Revision lecture weds 4th december2013

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  • 1. Wednesday 4th December 2013
  • 2. Aims Revise main themes and issues of the past 8 weeks Consolidate learning Add to notes Repetition + memory Questions and ways to answer
  • 3. British Society 1 A coalition government What are the political parties? What is the role of the Queen? Post-war changes in Britain A divided society?
  • 4. British Society 2 Changes in population An ageing population and its implications National statistics online: Mid-2009: Pop. Of UK 61,792,000 (increase of 394,000 on the previous year. Under 16s = 1/5 total pop Retirement and older = 1/5 Families, divorce and relationships Single parent families: 8% of all families in 1972; 22% by 1995; 1.3 million one-parent families in 2004; 89% of parents are women; One third of children under 5 have divorced parents Class divisions and wealth class is dead (Pakulski and Waters, 1996)? 53% of the financial wealth in UK = owned by 10% (Inland Revenue, 2000)
  • 5. The origins of sociology The sociological imagination (C. Wright Mills) Social interaction and social judgements Global social networks and social and economic development Class and gender The historical development of sociological thought Copernicus, Galileo and the Enlightenment Reason; Empiricism; Science; Universalism; Progress; Individualism; Toleration; Freedom; Uniformity of human nature; Secularism Key sociologists Comte(1798-1857) Durkheim (1858-1917), Marx (1818-1883) and Weber (1864- 1920) Forgotten sociologists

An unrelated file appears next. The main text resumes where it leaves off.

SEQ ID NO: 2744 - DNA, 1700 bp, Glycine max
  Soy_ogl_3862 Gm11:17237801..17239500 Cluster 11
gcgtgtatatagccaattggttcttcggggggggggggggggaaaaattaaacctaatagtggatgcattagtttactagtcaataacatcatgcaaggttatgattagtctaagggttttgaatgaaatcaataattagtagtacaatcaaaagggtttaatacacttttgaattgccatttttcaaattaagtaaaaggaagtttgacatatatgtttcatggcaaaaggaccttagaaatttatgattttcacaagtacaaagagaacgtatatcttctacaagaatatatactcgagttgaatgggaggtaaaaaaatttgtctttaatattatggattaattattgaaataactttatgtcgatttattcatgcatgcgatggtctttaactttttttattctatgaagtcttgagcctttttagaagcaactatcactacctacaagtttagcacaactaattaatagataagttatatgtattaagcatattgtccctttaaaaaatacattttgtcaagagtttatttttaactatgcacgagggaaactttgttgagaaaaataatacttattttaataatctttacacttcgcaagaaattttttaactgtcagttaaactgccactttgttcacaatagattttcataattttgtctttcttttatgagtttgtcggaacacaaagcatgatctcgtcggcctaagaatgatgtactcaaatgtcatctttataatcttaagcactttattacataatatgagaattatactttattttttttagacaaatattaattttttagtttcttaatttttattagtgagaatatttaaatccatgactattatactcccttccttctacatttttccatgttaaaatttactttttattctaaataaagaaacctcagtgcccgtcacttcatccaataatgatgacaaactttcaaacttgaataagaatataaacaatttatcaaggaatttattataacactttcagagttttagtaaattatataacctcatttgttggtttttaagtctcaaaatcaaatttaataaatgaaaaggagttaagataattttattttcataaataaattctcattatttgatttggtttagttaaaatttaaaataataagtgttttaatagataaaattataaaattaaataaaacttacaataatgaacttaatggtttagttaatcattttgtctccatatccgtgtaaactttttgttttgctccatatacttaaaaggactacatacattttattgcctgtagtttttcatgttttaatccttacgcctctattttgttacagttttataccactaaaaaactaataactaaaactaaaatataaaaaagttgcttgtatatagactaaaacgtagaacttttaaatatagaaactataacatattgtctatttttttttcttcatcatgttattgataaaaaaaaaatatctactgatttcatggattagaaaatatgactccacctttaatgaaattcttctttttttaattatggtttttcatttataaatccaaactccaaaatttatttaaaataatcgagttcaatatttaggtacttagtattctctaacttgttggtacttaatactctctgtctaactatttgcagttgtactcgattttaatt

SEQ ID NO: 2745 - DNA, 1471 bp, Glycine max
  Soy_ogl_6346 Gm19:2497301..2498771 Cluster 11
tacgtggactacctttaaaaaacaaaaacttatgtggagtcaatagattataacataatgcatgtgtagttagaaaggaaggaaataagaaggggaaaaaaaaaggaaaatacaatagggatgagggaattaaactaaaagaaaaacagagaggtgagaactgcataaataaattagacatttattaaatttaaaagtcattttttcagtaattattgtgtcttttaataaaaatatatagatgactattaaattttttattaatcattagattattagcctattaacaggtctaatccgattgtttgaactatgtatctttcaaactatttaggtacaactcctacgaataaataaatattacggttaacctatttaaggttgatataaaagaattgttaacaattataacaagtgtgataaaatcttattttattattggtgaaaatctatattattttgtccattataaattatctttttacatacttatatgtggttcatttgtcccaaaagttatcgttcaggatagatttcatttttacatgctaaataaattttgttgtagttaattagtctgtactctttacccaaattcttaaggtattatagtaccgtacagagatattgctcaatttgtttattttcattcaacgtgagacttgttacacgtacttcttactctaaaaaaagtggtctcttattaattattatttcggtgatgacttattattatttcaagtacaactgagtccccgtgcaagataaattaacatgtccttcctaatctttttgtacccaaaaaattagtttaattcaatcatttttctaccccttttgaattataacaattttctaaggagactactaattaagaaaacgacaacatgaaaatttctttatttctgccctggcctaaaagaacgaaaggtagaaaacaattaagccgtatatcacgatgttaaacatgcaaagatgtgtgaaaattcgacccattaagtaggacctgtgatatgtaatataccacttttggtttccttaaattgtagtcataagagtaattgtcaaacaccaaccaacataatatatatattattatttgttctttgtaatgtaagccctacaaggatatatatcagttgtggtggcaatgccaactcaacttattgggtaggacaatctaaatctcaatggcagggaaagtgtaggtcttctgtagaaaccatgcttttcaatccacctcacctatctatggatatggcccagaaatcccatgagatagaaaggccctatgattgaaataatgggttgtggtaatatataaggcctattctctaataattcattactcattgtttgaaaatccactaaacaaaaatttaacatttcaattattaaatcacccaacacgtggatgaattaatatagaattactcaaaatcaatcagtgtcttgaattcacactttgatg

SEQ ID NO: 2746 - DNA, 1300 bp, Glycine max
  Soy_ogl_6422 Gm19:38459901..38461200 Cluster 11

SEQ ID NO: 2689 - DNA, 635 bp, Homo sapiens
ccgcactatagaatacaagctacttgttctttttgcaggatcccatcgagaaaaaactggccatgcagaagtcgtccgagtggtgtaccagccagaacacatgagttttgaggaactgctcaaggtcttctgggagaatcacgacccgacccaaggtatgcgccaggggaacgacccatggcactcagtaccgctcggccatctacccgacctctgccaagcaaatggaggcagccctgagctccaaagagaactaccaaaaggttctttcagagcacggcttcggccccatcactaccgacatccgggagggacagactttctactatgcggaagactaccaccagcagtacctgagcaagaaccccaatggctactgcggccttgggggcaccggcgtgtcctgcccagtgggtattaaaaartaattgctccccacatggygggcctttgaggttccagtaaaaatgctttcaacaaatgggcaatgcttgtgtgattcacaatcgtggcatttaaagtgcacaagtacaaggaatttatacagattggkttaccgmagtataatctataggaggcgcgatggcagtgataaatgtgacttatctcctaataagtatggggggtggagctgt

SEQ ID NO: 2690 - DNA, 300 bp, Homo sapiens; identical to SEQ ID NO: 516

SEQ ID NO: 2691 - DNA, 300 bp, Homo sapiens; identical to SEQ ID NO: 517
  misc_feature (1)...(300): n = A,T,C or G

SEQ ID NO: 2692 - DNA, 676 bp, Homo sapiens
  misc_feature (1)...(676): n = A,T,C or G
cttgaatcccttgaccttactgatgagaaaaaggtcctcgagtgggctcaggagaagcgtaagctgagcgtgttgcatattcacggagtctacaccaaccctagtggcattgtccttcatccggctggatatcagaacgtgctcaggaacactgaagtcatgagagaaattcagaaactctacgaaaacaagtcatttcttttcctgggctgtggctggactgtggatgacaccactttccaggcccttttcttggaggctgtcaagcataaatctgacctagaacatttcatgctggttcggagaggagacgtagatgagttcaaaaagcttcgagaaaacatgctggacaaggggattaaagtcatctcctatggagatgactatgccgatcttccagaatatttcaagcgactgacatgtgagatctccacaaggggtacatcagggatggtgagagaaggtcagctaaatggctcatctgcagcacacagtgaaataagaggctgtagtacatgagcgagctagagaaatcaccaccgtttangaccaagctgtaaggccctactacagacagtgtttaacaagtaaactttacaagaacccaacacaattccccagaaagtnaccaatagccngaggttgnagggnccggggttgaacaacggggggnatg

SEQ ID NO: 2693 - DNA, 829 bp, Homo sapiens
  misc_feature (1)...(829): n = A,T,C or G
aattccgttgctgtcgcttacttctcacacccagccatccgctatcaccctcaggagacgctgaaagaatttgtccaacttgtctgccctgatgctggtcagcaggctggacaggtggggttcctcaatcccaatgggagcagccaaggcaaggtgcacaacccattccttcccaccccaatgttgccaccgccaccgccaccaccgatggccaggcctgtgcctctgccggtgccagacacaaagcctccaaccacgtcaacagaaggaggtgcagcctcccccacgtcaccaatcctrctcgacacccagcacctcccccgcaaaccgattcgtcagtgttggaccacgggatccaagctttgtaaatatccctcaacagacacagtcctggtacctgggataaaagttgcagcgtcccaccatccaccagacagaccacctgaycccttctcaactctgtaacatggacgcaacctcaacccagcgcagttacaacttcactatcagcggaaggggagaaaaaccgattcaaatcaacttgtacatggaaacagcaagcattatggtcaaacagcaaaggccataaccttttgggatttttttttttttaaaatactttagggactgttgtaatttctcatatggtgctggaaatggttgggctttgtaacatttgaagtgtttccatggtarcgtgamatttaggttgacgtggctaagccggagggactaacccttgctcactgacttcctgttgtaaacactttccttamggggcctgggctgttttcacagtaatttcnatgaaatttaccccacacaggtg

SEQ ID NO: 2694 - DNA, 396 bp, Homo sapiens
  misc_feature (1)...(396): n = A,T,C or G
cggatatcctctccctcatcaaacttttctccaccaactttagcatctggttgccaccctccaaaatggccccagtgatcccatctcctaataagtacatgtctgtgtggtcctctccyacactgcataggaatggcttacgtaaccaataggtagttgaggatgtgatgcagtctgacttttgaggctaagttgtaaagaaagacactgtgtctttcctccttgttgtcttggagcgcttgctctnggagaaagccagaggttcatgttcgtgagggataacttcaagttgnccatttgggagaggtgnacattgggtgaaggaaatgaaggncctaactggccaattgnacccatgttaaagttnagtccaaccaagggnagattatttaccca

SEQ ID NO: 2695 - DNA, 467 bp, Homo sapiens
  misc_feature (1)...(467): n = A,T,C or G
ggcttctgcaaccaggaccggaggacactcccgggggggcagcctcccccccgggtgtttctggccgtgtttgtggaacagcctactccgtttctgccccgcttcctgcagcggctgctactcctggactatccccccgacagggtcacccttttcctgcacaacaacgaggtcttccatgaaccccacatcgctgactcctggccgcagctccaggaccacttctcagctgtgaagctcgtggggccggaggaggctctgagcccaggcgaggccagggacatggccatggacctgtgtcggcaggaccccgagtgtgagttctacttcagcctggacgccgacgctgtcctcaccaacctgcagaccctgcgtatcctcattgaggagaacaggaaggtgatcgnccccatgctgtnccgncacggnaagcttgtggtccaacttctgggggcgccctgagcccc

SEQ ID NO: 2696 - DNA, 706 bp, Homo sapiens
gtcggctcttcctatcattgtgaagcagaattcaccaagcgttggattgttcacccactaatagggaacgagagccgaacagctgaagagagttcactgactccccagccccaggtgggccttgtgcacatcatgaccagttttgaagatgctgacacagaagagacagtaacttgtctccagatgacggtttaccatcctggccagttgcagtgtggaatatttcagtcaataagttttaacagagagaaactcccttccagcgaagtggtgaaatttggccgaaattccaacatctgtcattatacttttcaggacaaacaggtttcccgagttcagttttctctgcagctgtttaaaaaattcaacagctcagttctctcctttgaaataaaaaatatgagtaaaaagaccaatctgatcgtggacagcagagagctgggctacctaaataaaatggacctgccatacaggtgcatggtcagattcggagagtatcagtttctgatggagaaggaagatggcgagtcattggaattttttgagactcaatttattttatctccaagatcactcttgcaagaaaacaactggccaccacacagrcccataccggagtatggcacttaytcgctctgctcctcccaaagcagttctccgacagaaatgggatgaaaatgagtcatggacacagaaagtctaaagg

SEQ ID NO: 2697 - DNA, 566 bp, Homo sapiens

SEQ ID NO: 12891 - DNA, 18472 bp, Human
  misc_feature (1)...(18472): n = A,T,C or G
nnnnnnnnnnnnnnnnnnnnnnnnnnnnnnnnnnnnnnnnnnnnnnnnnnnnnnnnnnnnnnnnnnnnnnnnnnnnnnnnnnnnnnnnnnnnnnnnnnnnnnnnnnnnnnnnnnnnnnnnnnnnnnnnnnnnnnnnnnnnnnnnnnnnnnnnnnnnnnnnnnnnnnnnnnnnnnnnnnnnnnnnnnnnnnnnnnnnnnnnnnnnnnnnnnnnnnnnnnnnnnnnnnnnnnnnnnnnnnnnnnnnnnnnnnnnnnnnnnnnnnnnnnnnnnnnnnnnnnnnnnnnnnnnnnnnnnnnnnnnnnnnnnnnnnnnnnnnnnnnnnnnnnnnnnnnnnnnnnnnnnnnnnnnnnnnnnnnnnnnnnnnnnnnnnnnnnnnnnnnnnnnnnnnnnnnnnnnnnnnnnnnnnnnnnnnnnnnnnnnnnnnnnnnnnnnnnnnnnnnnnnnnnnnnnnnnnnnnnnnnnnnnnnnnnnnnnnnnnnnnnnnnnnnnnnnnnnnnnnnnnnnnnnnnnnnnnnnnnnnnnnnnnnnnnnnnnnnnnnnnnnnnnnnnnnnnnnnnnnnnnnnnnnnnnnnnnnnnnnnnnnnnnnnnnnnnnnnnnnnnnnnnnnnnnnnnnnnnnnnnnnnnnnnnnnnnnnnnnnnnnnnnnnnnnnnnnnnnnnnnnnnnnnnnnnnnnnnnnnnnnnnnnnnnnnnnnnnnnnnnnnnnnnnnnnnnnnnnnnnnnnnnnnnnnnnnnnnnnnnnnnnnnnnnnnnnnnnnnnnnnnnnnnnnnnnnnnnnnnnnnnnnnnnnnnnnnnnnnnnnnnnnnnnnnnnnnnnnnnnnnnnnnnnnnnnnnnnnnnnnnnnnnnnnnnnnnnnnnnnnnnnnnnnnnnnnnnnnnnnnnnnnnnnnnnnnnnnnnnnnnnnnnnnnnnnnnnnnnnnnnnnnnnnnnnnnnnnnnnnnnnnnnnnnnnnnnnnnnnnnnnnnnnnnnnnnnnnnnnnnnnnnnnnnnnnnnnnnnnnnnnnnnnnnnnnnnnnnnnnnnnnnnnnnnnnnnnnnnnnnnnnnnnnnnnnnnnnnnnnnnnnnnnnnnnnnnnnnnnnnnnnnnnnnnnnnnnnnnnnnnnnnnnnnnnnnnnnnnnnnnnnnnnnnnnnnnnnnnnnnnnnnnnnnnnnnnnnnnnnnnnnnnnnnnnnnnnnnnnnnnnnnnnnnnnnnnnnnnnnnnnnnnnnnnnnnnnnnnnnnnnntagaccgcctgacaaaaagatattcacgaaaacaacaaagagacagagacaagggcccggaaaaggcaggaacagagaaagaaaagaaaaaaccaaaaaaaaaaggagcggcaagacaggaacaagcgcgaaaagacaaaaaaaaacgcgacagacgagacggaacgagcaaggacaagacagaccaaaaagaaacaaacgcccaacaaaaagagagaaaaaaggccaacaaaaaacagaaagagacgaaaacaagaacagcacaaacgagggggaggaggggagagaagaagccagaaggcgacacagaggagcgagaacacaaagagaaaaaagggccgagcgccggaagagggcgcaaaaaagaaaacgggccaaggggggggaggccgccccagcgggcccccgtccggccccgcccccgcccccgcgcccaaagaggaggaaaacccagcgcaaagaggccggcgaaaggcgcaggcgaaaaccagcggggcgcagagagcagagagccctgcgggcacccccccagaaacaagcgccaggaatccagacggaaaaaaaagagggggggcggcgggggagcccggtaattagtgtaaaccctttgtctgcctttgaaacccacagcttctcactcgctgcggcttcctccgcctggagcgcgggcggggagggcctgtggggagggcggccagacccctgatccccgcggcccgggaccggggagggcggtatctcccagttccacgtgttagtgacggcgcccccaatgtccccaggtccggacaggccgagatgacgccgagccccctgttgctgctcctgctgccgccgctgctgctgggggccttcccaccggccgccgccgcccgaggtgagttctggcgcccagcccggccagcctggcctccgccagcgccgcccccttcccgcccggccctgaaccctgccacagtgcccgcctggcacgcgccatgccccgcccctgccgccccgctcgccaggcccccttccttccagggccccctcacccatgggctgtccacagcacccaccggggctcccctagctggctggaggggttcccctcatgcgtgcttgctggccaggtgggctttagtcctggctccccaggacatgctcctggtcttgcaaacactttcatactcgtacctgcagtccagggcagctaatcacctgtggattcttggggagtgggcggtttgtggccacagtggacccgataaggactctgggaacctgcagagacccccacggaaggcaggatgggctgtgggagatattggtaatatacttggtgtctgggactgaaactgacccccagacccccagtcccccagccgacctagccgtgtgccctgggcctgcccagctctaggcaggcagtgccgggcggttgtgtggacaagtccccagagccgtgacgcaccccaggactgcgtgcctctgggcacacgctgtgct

• 6. Durkheim (1858-1917) Study social facts as things! (social life can be analysed as rigorously as objects in nature) Social facts: aspects of social life that shape our actions as individuals: the state of the economy the influence of religion. Rapid change disrupts traditional life results in anomie (feeling of aimlessness and despair) Suicide seems to be a purely personal act, the outcome of extreme unhappiness. Is it? Durkheim discovered different levels in suicide rates in different countries. social factors influenced suicidal behaviour. Durkheim turned a personal problem into a public issue.